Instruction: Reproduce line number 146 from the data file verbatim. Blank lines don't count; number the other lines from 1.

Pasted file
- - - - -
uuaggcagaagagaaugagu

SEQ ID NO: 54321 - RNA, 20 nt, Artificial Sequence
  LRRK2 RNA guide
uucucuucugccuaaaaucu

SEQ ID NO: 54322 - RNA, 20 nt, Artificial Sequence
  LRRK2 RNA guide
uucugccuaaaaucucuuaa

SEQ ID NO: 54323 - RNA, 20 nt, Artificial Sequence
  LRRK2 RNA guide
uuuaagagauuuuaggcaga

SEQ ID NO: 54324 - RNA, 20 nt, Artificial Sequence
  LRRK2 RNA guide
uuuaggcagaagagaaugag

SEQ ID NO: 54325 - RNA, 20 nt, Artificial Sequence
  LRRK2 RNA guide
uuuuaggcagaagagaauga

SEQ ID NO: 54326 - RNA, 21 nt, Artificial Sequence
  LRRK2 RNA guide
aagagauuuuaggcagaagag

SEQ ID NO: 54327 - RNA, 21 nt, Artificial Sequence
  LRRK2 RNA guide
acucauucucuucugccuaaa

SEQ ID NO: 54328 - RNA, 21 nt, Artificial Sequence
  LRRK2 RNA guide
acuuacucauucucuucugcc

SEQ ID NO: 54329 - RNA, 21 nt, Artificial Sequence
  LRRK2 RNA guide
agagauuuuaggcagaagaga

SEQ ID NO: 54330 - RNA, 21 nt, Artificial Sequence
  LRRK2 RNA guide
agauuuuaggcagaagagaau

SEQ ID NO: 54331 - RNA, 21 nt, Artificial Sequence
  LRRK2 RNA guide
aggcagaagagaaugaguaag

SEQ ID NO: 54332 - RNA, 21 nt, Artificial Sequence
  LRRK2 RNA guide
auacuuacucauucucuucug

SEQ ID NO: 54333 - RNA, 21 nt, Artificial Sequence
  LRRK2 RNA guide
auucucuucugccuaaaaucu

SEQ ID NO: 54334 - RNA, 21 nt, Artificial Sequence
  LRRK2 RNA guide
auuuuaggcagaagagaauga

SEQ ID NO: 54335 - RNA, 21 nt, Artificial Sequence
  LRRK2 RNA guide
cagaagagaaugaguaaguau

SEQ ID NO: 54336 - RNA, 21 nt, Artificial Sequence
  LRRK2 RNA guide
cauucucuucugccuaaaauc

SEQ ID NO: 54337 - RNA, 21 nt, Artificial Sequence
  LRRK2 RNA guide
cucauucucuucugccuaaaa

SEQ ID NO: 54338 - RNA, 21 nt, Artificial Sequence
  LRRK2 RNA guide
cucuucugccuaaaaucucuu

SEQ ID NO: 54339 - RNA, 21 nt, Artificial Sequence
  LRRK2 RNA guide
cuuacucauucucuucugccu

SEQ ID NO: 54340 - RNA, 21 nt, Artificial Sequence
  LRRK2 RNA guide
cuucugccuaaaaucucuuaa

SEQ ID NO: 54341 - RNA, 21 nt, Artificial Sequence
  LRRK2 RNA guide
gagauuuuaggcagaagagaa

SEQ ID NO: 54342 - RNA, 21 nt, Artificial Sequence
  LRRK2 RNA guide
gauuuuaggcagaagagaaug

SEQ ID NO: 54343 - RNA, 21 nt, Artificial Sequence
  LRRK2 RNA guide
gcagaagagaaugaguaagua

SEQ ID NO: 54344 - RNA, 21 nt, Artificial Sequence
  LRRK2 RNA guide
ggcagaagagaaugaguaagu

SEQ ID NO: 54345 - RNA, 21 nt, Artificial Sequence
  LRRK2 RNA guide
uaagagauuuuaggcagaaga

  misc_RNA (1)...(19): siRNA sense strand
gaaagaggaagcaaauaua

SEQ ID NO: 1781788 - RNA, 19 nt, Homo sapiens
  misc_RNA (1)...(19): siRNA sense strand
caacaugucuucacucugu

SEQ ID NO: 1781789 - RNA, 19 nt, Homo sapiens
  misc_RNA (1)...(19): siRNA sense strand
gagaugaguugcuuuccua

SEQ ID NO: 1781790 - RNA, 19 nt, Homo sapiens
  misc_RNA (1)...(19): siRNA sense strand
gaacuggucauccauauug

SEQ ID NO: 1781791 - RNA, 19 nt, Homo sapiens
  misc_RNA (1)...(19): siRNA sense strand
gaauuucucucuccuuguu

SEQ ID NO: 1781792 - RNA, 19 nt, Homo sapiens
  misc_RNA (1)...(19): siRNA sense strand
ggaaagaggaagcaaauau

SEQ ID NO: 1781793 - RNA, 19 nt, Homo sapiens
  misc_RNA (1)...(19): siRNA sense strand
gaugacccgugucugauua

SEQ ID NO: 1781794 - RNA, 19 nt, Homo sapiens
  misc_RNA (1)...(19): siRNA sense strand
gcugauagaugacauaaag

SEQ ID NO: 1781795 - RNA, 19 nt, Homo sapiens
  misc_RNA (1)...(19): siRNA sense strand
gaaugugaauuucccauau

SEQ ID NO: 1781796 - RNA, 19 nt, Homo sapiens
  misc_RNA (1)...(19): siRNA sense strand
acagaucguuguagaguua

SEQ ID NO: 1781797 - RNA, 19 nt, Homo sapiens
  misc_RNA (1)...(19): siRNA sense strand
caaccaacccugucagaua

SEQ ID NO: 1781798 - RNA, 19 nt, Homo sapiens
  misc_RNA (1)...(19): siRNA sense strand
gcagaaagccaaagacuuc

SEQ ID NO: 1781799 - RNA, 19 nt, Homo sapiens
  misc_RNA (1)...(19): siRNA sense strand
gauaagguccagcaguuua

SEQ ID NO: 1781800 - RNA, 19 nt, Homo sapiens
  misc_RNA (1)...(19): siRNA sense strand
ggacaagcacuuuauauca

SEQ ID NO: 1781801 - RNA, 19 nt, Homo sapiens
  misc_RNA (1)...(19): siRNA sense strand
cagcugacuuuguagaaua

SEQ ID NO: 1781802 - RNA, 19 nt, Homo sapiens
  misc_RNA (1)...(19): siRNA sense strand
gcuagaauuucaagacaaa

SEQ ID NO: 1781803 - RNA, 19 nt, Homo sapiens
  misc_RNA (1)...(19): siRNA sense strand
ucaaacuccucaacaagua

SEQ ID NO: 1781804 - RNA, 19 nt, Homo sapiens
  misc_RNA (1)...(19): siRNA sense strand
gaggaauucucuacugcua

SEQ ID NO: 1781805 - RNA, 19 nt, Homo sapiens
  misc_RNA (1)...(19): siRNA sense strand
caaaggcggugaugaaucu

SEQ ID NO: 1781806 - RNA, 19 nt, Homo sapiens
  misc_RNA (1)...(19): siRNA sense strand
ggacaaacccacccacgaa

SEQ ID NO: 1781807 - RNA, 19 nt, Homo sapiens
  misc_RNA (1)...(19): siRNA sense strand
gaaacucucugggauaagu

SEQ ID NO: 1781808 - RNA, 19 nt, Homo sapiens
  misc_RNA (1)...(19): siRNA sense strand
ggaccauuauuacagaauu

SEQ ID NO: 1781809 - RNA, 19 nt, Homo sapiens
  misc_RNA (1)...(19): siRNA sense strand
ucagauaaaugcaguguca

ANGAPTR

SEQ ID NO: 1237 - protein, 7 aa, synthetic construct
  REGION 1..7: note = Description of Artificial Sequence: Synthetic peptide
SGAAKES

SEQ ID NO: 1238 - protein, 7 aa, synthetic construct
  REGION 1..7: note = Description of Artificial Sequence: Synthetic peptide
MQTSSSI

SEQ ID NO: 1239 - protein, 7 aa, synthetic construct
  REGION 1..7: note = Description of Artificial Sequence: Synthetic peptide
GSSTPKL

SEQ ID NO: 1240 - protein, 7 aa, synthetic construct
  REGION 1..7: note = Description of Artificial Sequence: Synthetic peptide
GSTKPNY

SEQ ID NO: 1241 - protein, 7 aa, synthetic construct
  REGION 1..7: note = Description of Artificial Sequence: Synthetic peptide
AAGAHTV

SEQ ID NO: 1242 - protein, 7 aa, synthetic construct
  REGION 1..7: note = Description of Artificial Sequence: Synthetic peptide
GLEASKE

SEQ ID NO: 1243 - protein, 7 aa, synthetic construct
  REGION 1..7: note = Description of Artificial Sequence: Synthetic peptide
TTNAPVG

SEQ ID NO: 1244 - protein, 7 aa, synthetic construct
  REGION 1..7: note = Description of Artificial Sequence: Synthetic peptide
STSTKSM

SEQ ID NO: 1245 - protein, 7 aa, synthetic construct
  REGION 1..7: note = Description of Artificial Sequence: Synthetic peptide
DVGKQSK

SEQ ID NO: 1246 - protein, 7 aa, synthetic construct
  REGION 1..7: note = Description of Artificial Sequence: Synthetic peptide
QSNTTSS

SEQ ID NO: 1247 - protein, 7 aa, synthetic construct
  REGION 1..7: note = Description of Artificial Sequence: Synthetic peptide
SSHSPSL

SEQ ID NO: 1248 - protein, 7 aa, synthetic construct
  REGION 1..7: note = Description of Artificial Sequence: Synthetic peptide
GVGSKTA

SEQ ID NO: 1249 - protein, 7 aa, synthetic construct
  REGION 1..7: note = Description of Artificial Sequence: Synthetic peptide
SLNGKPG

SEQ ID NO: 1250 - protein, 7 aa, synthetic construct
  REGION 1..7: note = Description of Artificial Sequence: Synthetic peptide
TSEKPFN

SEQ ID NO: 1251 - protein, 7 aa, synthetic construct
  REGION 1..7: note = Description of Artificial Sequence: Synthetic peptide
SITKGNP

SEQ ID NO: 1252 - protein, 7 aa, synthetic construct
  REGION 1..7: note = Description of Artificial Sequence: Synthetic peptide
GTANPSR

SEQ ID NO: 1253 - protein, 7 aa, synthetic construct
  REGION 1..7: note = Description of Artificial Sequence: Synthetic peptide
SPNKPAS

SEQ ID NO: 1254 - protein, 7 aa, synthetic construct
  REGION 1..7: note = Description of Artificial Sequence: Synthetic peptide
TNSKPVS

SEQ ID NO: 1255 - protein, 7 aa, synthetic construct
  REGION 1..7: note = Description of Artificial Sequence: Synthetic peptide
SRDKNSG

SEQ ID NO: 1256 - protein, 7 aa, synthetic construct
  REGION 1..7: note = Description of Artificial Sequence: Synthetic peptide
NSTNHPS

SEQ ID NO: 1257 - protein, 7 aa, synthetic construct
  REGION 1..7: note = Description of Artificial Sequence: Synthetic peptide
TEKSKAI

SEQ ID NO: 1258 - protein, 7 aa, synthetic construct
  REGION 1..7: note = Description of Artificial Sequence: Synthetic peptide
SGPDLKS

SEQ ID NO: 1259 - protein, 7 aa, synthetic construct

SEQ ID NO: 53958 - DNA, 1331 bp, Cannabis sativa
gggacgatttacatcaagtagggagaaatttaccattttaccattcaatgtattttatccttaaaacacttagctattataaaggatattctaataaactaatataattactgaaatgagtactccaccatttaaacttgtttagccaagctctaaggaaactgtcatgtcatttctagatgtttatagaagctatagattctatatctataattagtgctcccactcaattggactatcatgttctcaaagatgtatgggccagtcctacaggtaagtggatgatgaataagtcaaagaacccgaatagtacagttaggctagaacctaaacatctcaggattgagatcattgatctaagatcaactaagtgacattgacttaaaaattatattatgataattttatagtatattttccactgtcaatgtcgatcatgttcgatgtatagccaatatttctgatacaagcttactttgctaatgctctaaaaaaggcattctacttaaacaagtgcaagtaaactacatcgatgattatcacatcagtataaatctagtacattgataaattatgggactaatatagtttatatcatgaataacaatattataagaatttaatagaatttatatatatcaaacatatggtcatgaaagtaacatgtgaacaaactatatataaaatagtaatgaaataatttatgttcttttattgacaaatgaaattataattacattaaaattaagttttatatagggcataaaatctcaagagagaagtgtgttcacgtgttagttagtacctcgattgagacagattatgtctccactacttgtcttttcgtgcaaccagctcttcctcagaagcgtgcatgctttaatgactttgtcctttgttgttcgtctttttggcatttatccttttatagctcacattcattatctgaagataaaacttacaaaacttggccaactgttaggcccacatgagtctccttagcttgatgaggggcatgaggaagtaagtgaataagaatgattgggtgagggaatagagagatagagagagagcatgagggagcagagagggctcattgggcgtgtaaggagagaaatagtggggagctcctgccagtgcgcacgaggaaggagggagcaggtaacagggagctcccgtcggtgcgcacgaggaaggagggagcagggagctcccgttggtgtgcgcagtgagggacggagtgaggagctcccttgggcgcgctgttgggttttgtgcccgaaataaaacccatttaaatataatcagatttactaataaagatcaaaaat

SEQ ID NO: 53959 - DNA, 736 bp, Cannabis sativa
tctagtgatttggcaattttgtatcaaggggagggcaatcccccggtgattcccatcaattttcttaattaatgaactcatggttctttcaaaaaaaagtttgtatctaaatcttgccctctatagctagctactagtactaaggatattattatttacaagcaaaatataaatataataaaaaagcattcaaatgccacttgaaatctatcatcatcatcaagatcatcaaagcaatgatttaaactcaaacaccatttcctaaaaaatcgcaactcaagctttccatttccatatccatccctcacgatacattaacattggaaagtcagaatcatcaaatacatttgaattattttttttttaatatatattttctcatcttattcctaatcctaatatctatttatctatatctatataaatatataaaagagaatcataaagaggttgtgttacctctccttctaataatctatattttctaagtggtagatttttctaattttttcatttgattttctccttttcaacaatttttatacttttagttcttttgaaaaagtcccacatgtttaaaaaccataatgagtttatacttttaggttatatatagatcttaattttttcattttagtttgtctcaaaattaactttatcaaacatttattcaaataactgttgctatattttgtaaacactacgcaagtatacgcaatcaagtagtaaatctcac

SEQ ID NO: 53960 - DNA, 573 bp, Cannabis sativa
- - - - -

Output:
SEQ ID NO: 1237 - protein, 7 aa, synthetic construct